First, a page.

From the Back Cover
From the acclaimed author of Let the Northern Lights Erase Your Name comes a taut, spellbinding literary thriller that probes the essence and malleability of identity
In Vendela Vida’s taut and mesmerizing novel of ideas, a woman travels to Casablanca, Morocco, on mysterious business. While checking into her hotel, the woman is robbed of her wallet and passport—all of her money and identification. Stripped of her identity, she feels burdened by the crime yet strangely liberated by her sudden freedom to be anyone she wants to be.
Told with vibrant, lush detail and a wicked sense of humor, The Diver’s Clothes Lie Empty is part literary mystery, part psychological thriller—an unforgettable novel that explores free will, power, and a woman’s right to choose not her past, perhaps not her present, but certainly her future. This is Vendela Vida’s most assured and ambitious novel yet.
“Part glamorous travelogue, part slow-burn mystery, this full-bodied tale of a runaway is at once formally inventive and heartbreakingly familiar. (It’s also insanely funny.)”—Lena Dunham
“[Vida’s] finest book....With its echoes of Hitchcock and Highsmith, this novel is full of darting pleasures.”—New York Times--This text refers to the Hardcover edition.
Top Customer Reviews
By sheer coincidence, this novel and the previous one I reviewed, HUNTERS IN THE DARK by Lawrence Osborne, have virtually the same set-up. A traveler arrives alone in a third-world country. Within hours, their money, passport, and other identifying articles have been stolen. In trying to find a way out of the difficulty, the protagonists slip inadvertently into identities not their own. But there the similarities cease. Where Osborne was slow, portentous, and heavily atmospheric, Vida, writing at half the length, is both light on her feet and deliciously intimate. Until a couple of coincidences stretch credulity a bit at the end, I was totally captivated by her heroine and on tenterhooks about her situation.
Which is strange, because she doesn't even have a name. Four or five assumed ones, depending on circumstances, but she never reveals her own. The novel is written entirely in the second person singular: "When you find your seat you glance at the businessman sitting next to you and decide he's almost handsome.…" It is as personal a voice as the first person singular, but curiously more intimate, as though saying "You know who you are; other people do not need to." Not that she does fully know who she is any more. She is flying to Casablanca to flee a divorce and the ruins of her marriage. When her backpack is stolen, she is mysteriously given the bag of someone else, and uses that person's identity for a while. Then she lucks into a job as stand-in for a famous American actress filming in Morocco, whom she happens to resemble. She takes this under yet another name, and the job involves standing in for someone else, acting yet another role -- so three more borrowed personae. But behind them all, she discovers new strengths, and we learn more about her too.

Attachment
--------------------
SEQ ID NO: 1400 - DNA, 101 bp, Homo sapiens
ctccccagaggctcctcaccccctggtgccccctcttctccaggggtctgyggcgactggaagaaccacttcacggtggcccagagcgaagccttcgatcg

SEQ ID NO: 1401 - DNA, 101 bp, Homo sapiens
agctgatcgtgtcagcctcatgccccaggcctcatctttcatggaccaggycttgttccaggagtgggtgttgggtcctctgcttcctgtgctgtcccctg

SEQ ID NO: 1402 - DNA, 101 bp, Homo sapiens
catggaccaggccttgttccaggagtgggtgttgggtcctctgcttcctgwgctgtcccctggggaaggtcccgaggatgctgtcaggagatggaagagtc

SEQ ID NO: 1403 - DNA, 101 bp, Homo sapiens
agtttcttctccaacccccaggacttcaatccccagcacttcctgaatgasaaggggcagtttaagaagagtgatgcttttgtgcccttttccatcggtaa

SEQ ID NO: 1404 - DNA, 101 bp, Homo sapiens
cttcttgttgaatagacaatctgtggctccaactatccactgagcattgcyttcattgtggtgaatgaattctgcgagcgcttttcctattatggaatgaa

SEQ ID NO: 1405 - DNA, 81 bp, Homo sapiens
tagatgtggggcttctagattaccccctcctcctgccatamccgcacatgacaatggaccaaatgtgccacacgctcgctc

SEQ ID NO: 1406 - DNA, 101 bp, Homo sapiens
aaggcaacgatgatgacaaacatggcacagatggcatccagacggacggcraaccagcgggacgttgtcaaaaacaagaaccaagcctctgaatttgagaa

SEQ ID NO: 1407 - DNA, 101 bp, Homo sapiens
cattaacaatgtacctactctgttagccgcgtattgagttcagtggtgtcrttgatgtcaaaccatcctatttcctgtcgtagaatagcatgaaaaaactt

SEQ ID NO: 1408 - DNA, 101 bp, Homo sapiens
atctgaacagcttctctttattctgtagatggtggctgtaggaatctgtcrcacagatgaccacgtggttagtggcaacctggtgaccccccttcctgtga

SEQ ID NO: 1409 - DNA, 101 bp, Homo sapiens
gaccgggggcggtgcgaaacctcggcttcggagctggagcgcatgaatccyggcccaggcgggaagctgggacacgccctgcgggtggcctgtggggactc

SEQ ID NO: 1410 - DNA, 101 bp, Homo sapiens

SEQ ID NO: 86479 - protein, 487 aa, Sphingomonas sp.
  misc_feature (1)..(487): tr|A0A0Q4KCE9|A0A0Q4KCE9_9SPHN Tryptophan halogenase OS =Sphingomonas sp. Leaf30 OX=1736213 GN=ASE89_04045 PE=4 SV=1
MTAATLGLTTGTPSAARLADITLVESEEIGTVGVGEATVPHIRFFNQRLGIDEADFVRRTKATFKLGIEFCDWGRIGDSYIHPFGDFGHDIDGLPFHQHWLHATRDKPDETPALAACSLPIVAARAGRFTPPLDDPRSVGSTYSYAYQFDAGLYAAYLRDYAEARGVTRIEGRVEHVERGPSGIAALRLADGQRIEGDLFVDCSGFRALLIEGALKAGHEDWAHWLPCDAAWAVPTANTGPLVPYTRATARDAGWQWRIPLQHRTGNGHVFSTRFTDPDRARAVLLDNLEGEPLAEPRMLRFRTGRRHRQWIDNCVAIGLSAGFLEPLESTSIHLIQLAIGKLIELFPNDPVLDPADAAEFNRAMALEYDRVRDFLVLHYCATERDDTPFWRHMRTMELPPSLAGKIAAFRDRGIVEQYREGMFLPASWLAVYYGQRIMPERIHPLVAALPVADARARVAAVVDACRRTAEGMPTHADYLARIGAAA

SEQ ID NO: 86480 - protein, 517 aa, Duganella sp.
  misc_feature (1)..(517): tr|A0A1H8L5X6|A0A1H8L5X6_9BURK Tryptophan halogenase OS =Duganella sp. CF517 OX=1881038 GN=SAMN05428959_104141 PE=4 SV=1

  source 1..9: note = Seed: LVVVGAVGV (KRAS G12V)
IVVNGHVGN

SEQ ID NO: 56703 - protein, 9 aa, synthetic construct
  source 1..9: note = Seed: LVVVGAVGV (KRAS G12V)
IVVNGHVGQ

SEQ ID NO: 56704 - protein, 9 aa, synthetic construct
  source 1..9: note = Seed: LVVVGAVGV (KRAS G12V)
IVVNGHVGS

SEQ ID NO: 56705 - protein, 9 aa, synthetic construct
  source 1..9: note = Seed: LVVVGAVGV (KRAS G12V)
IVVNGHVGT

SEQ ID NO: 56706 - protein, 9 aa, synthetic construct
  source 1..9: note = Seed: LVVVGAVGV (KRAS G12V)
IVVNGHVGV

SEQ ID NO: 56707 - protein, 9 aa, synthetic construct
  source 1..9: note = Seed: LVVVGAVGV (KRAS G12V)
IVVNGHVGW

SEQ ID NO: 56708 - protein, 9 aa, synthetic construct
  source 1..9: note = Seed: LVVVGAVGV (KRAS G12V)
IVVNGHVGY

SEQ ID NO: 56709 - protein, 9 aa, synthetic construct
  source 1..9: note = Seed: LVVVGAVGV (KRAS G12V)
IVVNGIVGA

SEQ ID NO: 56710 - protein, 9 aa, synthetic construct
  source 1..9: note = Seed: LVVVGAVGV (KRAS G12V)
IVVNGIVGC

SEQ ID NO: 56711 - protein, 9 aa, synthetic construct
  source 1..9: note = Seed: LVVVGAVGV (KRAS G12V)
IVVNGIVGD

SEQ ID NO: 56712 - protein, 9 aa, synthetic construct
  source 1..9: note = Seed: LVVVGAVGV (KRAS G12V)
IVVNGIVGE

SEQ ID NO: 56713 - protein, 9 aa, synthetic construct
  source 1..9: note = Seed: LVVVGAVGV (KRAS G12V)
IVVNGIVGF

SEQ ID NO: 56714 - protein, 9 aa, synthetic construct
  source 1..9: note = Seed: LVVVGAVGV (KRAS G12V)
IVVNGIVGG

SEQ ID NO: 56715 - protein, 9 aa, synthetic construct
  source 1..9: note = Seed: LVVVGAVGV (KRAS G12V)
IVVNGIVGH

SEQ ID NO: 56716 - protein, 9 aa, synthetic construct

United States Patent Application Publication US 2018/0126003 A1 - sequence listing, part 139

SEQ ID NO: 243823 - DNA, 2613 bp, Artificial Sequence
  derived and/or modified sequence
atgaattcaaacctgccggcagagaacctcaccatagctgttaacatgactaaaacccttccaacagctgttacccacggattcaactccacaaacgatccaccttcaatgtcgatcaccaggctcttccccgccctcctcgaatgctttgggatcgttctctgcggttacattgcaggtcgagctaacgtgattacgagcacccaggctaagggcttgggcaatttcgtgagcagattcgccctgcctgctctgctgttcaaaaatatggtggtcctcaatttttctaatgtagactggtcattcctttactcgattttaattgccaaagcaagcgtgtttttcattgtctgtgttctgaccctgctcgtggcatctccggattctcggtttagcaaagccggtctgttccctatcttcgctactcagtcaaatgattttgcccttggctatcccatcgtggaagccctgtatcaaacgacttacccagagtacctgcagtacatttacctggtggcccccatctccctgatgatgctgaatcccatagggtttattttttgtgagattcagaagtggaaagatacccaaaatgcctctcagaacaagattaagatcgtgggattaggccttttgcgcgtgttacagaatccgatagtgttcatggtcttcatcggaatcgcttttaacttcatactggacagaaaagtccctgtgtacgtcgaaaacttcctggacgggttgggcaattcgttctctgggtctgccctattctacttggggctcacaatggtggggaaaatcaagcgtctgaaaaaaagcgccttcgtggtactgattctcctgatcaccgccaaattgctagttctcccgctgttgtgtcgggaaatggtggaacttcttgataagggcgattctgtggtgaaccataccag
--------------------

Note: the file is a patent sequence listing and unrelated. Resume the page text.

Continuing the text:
Although small and refreshingly unpretentious, this was clearly a five-star book for me. Though I did wish it were half as long again. I can accept that the vague air of mystery, even conspiracy, with which it started is never resolved; the novel itself avoids resolution. But the work on the film takes up such a large part of the book, that when Vida needs to move the story on from there, it feels rushed and depends on one of those outrageous coincidences (though they do happen) of running into someone from your own small town halfway across the world. But such is the author's skill that, instead of having this return the character back to her old humdrum self, it sets off a new chain of alternative identities, each of which we assume will bring her closer to a new truer self:
"Others in the van are now waiting for your name too. For a moment you consider giving them your real name, but you're not ready. So you think of beautiful names -- Verity, Maya, Honorée. No, no. You'll save those for when you have a daughter of your own. For now, you look into the sun and you smile.…"
Almost immediately “you” have your backpack stolen, along with your passport, money, camera and apparently your sanity, since you then go on to do some rather insane things. Adventures and misadventures ensue in one long, continuous take. It’s a quick read, partly due to the fine writing style and partly because it’s almost impossible to put down since the plot, if one can call it that, consists almost entirely of crises on the brink of being resolved. I can’t give it five stars, but it kept me thoroughly entertained from beginning to end.
The idea of discovering your identity was interesting. The narrator is a twin, and really was going through an identity crisis during the story. In fact, we never actually learn her true name, just different identities she tries on for herself. The concept was really unique, and could have been a great read, but personally I didn't think it ever really came through.